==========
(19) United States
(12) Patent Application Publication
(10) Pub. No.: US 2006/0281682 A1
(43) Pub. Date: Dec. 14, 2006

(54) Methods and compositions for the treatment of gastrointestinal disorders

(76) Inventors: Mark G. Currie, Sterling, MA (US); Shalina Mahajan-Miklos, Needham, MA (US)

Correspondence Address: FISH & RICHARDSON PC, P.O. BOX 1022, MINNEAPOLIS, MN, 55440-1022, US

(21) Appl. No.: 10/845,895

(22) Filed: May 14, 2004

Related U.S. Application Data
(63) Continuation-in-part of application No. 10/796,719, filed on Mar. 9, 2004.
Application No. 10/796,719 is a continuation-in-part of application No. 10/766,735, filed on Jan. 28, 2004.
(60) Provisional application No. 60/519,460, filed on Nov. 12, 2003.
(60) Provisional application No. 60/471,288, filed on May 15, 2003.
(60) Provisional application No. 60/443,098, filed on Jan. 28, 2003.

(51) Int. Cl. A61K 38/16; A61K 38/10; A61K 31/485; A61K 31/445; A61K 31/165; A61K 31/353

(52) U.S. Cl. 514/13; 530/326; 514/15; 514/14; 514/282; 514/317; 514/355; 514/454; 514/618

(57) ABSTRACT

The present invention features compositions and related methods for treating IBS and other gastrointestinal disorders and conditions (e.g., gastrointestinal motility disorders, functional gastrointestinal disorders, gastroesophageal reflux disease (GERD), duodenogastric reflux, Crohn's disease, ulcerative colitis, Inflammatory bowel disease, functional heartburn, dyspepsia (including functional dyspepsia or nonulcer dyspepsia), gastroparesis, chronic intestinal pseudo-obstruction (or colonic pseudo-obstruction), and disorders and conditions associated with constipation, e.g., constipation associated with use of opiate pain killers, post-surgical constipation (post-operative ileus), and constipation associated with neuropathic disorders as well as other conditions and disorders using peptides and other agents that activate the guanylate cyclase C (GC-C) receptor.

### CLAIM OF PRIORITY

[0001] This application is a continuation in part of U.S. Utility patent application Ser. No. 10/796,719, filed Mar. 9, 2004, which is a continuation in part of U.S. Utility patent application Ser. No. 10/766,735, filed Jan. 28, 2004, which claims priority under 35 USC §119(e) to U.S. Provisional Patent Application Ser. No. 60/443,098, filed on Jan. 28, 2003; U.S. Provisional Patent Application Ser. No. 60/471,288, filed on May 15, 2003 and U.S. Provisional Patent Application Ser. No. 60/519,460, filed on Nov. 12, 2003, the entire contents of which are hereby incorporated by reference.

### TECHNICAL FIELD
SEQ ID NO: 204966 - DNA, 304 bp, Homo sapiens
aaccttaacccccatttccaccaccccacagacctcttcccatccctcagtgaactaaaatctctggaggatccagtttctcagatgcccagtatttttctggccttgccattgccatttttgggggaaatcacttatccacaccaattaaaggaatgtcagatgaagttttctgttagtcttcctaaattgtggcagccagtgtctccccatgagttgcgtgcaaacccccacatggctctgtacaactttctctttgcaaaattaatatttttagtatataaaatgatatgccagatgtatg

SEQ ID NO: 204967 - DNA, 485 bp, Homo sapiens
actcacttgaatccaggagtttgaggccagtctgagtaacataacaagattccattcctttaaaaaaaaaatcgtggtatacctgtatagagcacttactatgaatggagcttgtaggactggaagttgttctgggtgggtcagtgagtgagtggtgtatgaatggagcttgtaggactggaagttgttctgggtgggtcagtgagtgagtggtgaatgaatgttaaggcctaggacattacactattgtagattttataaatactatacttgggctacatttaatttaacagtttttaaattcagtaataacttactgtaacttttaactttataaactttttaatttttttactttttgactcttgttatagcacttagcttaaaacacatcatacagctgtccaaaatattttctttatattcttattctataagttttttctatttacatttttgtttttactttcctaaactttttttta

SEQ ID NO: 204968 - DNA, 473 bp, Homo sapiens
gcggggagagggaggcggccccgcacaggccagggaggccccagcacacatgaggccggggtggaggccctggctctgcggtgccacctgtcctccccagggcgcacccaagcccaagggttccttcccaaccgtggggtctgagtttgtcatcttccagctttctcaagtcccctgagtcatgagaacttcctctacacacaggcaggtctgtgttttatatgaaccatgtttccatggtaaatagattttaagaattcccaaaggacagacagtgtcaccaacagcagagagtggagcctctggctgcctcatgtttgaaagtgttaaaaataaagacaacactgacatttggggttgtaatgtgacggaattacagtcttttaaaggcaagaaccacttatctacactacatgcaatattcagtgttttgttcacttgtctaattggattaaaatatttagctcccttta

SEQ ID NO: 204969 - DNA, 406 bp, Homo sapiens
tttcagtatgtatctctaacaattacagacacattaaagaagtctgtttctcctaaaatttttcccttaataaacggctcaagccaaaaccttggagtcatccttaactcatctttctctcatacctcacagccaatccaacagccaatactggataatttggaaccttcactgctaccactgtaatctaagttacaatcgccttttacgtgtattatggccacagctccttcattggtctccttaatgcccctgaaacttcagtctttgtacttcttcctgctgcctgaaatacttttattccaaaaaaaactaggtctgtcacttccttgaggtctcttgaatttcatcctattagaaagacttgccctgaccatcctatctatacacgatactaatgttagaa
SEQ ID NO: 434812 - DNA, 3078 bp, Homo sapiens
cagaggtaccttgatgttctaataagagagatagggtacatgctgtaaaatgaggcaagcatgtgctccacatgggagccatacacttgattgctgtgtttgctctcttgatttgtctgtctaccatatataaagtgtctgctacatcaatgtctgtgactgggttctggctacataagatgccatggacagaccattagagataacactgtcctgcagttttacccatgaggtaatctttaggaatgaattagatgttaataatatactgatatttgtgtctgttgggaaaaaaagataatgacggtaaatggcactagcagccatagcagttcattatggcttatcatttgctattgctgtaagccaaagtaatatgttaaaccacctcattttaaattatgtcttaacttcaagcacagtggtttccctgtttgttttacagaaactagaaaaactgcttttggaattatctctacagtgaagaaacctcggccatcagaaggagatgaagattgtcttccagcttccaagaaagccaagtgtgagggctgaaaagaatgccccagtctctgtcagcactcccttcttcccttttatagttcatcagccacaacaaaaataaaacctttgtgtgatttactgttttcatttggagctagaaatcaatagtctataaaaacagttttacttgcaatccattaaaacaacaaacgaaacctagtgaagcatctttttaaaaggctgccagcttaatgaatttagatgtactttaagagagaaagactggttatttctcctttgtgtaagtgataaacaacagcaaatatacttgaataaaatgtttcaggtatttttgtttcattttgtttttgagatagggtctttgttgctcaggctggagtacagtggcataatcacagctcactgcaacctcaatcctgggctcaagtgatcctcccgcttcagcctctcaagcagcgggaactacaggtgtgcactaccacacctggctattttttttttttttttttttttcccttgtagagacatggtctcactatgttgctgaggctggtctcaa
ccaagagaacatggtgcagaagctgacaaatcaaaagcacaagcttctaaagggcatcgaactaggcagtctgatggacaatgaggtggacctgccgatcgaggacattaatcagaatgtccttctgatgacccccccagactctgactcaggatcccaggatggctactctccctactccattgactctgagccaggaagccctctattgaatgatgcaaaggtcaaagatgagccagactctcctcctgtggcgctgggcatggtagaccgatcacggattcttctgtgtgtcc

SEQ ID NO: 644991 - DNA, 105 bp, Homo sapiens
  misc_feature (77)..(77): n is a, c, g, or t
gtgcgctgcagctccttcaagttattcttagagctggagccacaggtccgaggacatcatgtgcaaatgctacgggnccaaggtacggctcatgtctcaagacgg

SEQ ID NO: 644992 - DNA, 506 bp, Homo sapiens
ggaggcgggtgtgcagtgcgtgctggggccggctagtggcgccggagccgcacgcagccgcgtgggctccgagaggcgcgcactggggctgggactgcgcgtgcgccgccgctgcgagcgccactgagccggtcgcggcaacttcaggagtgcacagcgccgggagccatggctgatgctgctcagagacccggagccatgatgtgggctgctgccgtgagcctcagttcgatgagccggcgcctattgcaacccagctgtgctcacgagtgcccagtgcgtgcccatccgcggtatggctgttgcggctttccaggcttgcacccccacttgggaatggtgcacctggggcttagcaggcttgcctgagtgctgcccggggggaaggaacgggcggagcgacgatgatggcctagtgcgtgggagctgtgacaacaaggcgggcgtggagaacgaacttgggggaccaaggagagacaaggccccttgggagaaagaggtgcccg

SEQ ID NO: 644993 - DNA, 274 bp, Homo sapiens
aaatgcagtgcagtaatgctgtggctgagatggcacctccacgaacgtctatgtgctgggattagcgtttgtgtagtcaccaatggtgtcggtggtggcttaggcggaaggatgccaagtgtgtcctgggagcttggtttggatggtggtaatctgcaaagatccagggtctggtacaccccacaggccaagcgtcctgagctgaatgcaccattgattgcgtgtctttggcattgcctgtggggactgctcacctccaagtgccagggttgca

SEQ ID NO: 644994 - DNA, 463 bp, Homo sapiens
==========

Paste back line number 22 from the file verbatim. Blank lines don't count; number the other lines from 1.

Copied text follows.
### TECHNICAL FIELD